(CNN)Inside Dr. Martin Luther King Jr.’s church in Atlanta, the nation’s first Black president — who has acknowledged there only was a Black president because of what Civil Rights icon and eventual Congressman John Lewis sacrificed — will deliver the eulogy. His two White predecessors, both children of a Civil Rights era that Lewis helped galvanize, will speak before him.
At a moment when the country is reckoning anew over questions of systemic racism following the police killings of George Floyd , Breonna Taylor and countless other Black and Brown Americans, Thursday’s funeral is a measuring moment: Both a time to reflect on the grainy black-and-white newsreels of another generation’s struggle and an opportunity to assess where that struggle continues to come up short.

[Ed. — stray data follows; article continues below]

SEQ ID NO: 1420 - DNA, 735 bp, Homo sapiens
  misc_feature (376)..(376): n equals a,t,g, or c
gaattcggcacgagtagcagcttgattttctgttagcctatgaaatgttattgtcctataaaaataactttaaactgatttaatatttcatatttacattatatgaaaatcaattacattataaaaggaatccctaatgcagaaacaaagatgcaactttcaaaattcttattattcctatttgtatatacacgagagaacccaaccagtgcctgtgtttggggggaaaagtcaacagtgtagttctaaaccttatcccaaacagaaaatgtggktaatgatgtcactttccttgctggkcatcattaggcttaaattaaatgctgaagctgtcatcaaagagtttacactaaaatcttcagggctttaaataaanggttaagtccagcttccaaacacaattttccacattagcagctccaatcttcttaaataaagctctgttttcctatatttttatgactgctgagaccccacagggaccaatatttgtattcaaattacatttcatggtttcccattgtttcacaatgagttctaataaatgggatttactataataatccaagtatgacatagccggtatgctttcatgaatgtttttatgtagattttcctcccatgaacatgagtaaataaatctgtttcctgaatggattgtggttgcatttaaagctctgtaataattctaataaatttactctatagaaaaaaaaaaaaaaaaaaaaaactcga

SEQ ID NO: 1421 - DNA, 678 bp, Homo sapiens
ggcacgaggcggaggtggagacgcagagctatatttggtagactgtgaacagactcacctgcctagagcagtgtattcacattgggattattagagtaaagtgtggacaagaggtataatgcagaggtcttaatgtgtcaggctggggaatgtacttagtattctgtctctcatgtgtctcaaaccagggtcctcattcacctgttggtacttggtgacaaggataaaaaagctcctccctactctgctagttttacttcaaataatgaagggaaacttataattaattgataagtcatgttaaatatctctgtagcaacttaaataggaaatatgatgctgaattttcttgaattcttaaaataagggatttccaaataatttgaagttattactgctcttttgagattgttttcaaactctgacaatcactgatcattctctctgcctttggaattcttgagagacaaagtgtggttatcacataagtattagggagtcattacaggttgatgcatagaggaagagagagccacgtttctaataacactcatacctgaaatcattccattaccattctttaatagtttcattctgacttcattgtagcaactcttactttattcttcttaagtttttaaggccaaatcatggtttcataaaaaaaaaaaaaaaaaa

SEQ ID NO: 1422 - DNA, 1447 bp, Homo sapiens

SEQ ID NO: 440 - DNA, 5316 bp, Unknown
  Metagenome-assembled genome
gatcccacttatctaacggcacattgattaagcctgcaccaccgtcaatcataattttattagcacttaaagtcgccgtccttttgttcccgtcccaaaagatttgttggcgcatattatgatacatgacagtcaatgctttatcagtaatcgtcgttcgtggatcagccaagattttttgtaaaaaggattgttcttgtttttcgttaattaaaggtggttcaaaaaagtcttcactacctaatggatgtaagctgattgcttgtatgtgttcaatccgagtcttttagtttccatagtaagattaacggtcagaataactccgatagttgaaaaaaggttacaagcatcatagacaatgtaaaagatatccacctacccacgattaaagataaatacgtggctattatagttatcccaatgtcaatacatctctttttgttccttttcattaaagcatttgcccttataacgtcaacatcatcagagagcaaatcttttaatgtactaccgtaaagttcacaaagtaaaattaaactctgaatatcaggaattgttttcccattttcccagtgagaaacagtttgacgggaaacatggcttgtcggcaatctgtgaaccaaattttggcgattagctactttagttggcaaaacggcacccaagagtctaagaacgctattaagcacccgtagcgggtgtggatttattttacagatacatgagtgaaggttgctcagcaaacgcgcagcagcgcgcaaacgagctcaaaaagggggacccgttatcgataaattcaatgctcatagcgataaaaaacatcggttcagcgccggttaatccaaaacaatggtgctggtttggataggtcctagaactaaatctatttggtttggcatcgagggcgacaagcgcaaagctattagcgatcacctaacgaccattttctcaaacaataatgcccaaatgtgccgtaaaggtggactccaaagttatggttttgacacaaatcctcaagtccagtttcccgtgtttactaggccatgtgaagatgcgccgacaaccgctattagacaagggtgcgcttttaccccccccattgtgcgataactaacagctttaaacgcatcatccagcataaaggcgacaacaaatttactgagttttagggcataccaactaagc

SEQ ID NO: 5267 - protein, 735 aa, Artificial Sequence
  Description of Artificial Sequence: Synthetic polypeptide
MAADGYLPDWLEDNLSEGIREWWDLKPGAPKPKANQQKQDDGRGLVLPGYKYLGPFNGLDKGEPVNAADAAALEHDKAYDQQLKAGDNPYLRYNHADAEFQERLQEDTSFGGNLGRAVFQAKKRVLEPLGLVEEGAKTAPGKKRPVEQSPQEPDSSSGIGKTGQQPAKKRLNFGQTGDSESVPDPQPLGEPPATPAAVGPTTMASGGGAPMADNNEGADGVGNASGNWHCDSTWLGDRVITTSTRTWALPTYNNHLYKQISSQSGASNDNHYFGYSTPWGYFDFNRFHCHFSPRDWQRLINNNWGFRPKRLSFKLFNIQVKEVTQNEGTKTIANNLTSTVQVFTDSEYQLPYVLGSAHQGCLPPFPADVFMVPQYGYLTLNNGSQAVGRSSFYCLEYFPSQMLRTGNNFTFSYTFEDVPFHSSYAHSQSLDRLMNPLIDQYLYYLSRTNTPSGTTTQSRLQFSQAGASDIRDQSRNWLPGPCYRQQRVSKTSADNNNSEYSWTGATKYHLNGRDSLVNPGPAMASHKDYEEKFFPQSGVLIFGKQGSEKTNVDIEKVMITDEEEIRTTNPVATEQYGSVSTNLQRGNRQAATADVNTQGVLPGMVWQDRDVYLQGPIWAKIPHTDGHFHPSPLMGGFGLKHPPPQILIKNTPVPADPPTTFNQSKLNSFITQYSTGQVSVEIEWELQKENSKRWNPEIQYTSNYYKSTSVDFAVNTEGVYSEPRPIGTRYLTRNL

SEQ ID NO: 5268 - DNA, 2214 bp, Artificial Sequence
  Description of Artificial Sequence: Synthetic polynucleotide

It’s the type of remembrance that marks the passage of a nation’s history, provides a record of its highest and lowest moments and lays down a marker for the type of person — the type of hero — deserving of the country’s attention and respect.
Lewis’ own words kicked off the day of remembrance, with a post-humous op-ed in The New York Times , that echoed the principles with which he lived his life.
“When you see something that […]
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